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Document Type

Open Access Dissertation

Degree Name

Doctor of Philosophy (PhD)

Degree Program

Environmental Conservation

Year Degree Awarded

2016

Month Degree Awarded

September

First Advisor

Kevin McGarigal

Second Advisor

Andrew Whiteley

Third Advisor

Daniel Sheldon

Fourth Advisor

Samuel Cushman

Subject Categories

Ecology and Evolutionary Biology | Population Biology | Terrestrial and Aquatic Ecology

Abstract

The continued growth of human populations and associated development in many areas of the world is causing persistent fragmentation of natural habitats. In response, wildlife corridors are often promoted as essential for the conservation of wildlife species. Wildlife corridors allow for the movement of individuals between habitat patches and confer many benefits including the maintenance of metapopulations and metapopulation dynamics, the maintenance of seasonal migratory routes, genetic exchange, and the potential for individuals and populations to shift their ranges in response to climate change.

Wildlife corridors are modeled across a resistance-to-movement surface where resistance represents the willingness of an organism to cross a particular environment, the physiological cost of moving through a particular environment, or the reduction in survival for the organism moving through a particular environment. Resistance surfaces can be estimated using a wide variety of methods yet, to date, there has been no in-depth methodological comparison of these methods and their appropriateness for modeling connectivity.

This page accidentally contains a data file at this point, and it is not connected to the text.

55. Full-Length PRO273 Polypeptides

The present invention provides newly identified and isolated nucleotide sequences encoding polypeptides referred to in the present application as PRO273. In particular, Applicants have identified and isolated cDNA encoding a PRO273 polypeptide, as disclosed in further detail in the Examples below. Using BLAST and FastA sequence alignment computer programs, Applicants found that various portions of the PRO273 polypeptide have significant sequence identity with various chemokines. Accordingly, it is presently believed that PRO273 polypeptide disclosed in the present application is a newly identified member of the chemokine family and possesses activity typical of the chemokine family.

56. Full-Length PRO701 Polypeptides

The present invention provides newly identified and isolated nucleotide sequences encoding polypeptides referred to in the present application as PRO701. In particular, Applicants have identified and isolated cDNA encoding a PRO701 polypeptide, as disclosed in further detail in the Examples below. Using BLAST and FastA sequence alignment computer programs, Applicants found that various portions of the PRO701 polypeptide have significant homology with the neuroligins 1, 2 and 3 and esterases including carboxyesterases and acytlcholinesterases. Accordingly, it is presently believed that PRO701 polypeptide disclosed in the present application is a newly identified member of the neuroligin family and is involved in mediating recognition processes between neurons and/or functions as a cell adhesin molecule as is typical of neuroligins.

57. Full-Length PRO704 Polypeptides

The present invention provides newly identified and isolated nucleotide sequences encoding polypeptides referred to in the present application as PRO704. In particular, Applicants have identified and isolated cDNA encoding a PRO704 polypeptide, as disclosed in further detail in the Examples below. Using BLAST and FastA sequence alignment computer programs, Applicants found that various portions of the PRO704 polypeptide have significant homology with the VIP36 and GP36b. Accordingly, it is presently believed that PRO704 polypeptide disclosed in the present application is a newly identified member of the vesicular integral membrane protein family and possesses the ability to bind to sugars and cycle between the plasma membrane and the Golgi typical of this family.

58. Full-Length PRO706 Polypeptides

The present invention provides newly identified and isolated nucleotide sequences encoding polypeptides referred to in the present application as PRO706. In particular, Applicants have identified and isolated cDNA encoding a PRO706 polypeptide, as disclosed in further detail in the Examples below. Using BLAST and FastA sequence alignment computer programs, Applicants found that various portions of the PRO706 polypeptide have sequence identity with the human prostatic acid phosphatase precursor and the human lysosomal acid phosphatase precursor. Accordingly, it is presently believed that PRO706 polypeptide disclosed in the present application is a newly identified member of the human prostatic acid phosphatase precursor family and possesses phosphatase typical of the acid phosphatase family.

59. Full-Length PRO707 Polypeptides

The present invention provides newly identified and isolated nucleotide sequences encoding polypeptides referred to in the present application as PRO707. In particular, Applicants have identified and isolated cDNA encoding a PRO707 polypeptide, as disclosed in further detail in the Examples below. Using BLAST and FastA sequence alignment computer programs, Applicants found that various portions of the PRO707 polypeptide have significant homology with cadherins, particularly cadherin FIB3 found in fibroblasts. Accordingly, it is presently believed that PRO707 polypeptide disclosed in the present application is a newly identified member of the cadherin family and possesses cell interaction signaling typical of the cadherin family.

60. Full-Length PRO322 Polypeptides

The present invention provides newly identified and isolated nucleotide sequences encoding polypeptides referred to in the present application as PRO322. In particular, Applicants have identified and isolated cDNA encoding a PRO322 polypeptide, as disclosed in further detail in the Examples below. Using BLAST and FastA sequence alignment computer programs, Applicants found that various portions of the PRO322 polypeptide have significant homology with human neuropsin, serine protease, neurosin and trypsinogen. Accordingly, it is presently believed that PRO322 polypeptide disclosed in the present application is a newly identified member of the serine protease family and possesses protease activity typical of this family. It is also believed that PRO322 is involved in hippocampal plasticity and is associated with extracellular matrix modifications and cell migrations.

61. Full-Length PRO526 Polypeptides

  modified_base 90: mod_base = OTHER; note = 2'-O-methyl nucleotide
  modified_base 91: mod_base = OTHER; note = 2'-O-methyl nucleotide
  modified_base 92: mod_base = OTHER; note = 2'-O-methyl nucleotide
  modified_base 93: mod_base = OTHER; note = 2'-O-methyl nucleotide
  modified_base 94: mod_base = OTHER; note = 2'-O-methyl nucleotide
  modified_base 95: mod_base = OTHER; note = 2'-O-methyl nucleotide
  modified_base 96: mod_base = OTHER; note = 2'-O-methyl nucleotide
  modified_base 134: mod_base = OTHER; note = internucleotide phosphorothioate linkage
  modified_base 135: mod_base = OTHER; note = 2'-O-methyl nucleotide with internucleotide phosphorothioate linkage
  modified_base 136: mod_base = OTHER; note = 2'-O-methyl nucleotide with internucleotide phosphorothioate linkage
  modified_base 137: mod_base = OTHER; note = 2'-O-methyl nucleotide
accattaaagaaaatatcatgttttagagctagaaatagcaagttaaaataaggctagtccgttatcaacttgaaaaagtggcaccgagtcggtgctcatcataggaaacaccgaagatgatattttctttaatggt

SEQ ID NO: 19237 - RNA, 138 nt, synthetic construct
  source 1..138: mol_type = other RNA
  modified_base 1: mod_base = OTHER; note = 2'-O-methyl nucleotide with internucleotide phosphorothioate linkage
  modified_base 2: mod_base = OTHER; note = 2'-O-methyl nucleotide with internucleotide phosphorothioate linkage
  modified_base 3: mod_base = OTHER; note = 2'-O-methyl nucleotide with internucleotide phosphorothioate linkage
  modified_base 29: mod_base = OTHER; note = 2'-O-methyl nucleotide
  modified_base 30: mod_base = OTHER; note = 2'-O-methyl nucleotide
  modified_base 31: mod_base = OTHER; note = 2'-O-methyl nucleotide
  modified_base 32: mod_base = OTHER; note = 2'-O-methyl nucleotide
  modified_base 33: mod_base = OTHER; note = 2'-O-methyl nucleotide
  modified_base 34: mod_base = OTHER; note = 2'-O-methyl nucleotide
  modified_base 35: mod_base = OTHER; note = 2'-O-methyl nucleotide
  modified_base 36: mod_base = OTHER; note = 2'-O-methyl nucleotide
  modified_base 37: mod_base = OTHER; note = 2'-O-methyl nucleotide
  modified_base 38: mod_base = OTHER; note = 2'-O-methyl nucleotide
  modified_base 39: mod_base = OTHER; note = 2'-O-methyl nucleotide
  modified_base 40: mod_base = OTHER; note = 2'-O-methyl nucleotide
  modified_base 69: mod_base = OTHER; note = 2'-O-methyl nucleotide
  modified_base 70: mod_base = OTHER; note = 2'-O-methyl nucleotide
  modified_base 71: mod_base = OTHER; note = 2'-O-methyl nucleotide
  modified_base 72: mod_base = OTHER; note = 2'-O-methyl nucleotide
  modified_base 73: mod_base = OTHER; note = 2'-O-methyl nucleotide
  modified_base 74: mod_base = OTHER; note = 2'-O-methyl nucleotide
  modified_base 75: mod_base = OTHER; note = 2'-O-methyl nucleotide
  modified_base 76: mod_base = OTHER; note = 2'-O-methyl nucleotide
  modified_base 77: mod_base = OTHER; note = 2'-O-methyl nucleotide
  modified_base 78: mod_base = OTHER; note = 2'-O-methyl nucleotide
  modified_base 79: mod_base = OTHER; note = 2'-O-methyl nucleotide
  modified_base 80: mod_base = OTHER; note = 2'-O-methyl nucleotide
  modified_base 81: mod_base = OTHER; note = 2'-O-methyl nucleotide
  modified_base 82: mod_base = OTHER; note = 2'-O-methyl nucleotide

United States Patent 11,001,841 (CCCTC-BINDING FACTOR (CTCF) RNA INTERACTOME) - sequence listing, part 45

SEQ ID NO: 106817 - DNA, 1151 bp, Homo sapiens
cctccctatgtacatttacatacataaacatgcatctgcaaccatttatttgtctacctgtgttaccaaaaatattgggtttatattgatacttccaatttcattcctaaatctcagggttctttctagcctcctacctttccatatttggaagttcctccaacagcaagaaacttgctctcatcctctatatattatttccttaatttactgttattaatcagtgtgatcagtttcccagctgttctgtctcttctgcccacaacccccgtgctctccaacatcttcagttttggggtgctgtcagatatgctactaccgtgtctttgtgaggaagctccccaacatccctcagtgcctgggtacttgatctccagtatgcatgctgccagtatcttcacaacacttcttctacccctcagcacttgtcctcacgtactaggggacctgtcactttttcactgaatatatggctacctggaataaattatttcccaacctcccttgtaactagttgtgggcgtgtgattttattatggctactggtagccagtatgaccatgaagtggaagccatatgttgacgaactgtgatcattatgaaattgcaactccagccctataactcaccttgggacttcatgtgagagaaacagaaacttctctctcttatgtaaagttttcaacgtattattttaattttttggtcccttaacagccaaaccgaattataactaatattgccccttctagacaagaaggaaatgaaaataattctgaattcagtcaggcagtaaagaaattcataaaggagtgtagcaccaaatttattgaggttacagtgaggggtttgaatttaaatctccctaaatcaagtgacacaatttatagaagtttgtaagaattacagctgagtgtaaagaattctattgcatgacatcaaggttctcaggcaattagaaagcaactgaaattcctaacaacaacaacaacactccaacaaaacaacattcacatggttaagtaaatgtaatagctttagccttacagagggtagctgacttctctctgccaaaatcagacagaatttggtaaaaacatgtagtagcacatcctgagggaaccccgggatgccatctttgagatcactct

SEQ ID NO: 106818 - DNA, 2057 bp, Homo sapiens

My dissertation has two main objectives. The first was to determine the sensitivity of species-habitat models, resistance surfaces and corridors for pumas (Puma concolor) in southern California to six key factors: (1) data type used (point, step, or path data); (2) Statistical models employed; (3) Behavioral state of the individuals; (4) Spatial scale of analysis; (5) GPS collar acquisition interval; and (6) Thematic resolution and richness of the underlying geospatial layers. The second objective was to determine which combination of factors results in the most appropriate resistance surfaces for connectivity modeling.

I found that species-habitat models, resistance surfaces and corridors were extremely sensitive to all six of these factors – to the point where using one scale versus another or one data type versus another resulted in conflicting conclusions about habitat use and differences in the location of corridors. I recommend that, for modeling movement and corridors, path data be used in a context-dependent multi-scale modeling framework. I also recommend that many different geospatial layers at different thematic resolutions be examined to identify the most appropriate landscape definition for the species and study area of interest.

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